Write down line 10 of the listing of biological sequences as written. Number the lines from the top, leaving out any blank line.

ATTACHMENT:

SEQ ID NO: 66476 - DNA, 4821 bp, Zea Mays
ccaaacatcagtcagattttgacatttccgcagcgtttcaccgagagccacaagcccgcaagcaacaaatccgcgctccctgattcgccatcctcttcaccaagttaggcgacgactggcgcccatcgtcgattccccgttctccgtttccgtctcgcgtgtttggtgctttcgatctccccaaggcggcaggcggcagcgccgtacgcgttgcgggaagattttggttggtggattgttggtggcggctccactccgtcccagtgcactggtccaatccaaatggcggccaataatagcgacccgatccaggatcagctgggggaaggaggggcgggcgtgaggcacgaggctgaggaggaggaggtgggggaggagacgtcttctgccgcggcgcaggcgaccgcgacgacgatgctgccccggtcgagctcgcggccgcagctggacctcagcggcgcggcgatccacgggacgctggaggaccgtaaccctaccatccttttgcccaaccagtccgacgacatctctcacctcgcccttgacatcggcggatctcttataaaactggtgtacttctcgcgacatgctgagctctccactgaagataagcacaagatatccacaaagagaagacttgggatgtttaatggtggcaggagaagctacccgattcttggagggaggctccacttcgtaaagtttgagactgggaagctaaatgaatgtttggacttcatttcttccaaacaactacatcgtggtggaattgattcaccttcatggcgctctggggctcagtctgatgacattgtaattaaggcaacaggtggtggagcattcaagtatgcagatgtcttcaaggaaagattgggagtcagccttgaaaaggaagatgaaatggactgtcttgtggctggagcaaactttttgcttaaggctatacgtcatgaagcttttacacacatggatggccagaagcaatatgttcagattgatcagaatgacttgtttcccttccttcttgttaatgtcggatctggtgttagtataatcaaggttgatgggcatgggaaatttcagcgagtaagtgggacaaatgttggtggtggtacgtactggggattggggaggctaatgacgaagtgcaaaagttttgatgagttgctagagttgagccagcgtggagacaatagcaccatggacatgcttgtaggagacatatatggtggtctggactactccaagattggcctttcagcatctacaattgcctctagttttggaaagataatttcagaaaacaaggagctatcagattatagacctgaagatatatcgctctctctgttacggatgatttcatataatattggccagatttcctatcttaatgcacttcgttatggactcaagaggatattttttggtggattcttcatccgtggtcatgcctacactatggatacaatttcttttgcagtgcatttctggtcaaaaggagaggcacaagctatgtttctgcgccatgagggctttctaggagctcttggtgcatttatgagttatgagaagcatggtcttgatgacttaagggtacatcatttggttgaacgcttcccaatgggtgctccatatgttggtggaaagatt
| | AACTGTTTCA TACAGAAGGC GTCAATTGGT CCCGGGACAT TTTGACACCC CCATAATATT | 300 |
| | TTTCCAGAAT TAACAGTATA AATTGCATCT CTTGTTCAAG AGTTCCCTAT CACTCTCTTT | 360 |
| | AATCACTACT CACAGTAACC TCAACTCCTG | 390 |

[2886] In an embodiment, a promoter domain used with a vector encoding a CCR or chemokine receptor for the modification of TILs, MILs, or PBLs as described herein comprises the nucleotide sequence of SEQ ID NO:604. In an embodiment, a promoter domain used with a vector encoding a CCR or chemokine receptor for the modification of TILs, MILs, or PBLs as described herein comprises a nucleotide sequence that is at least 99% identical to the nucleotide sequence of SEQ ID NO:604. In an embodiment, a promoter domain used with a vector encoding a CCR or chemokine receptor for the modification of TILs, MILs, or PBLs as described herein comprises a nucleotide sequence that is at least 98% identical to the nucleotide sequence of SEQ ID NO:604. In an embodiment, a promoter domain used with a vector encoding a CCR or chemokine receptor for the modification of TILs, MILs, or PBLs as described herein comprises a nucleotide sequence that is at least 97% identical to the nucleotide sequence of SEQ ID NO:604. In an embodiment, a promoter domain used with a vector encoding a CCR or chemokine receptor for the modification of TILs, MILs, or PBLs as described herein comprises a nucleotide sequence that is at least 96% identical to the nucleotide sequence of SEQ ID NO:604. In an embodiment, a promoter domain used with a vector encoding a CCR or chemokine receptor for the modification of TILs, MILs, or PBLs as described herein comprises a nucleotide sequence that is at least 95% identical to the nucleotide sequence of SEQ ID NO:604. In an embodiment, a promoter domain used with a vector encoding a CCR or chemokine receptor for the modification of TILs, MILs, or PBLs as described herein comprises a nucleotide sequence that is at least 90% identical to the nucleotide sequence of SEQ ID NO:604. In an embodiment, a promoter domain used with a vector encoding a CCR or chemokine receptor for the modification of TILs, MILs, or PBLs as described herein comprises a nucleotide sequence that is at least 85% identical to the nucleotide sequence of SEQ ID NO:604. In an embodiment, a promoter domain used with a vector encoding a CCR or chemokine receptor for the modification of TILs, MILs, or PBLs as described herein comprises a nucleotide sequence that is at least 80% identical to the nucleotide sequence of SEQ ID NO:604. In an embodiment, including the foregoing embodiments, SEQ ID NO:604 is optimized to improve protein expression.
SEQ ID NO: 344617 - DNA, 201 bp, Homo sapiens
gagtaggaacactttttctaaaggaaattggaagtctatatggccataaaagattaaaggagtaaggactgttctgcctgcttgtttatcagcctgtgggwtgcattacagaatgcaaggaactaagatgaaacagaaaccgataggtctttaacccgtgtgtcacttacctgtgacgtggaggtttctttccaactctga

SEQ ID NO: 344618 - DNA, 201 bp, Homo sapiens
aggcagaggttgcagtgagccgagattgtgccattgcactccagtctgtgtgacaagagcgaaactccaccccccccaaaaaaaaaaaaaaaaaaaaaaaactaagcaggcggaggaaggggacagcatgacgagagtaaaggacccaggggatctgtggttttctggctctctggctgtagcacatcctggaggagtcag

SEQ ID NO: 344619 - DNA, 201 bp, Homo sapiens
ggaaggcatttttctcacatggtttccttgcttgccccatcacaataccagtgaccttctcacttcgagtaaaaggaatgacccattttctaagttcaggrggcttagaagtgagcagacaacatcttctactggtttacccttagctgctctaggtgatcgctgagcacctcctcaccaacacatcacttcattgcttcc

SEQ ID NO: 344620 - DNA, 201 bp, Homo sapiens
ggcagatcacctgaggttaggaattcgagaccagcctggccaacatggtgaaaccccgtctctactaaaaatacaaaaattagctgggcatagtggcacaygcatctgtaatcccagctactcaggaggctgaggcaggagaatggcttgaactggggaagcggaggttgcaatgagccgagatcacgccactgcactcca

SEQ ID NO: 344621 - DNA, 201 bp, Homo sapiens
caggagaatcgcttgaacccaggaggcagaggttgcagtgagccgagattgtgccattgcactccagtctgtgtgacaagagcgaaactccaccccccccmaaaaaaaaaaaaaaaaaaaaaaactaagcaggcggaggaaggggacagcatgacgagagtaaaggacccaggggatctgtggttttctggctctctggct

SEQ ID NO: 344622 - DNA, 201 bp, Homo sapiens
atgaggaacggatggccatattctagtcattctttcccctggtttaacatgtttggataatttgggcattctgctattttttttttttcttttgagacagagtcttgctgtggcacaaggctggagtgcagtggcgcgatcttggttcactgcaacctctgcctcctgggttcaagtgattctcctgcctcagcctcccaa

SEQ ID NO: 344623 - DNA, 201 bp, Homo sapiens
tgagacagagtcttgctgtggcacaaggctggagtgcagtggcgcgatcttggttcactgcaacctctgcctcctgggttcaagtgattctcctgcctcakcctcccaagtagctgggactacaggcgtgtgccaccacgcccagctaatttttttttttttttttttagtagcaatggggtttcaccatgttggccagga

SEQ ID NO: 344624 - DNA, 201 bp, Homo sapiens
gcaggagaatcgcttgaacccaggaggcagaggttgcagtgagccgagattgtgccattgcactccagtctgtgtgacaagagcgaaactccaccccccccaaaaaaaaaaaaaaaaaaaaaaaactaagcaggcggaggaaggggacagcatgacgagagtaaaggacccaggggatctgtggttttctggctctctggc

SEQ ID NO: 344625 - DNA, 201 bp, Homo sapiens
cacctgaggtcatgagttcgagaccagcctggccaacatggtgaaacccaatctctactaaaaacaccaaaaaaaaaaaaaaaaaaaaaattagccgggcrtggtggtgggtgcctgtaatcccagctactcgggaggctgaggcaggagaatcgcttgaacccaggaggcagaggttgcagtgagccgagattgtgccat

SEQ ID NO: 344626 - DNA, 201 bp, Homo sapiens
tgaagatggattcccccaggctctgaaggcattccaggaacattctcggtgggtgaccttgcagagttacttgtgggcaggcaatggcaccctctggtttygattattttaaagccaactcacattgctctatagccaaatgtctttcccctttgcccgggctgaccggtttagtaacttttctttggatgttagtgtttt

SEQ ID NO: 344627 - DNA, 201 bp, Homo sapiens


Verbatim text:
aggcagaggttgcagtgagccgagattgtgccattgcactccagtctgtgtgacaagagcgaaactccaccccccccaaaaaaaaaaaaaaaaaaaaaaaactaagcaggcggaggaaggggacagcatgacgagagtaaaggacccaggggatctgtggttttctggctctctggctgtagcacatcctggaggagtcag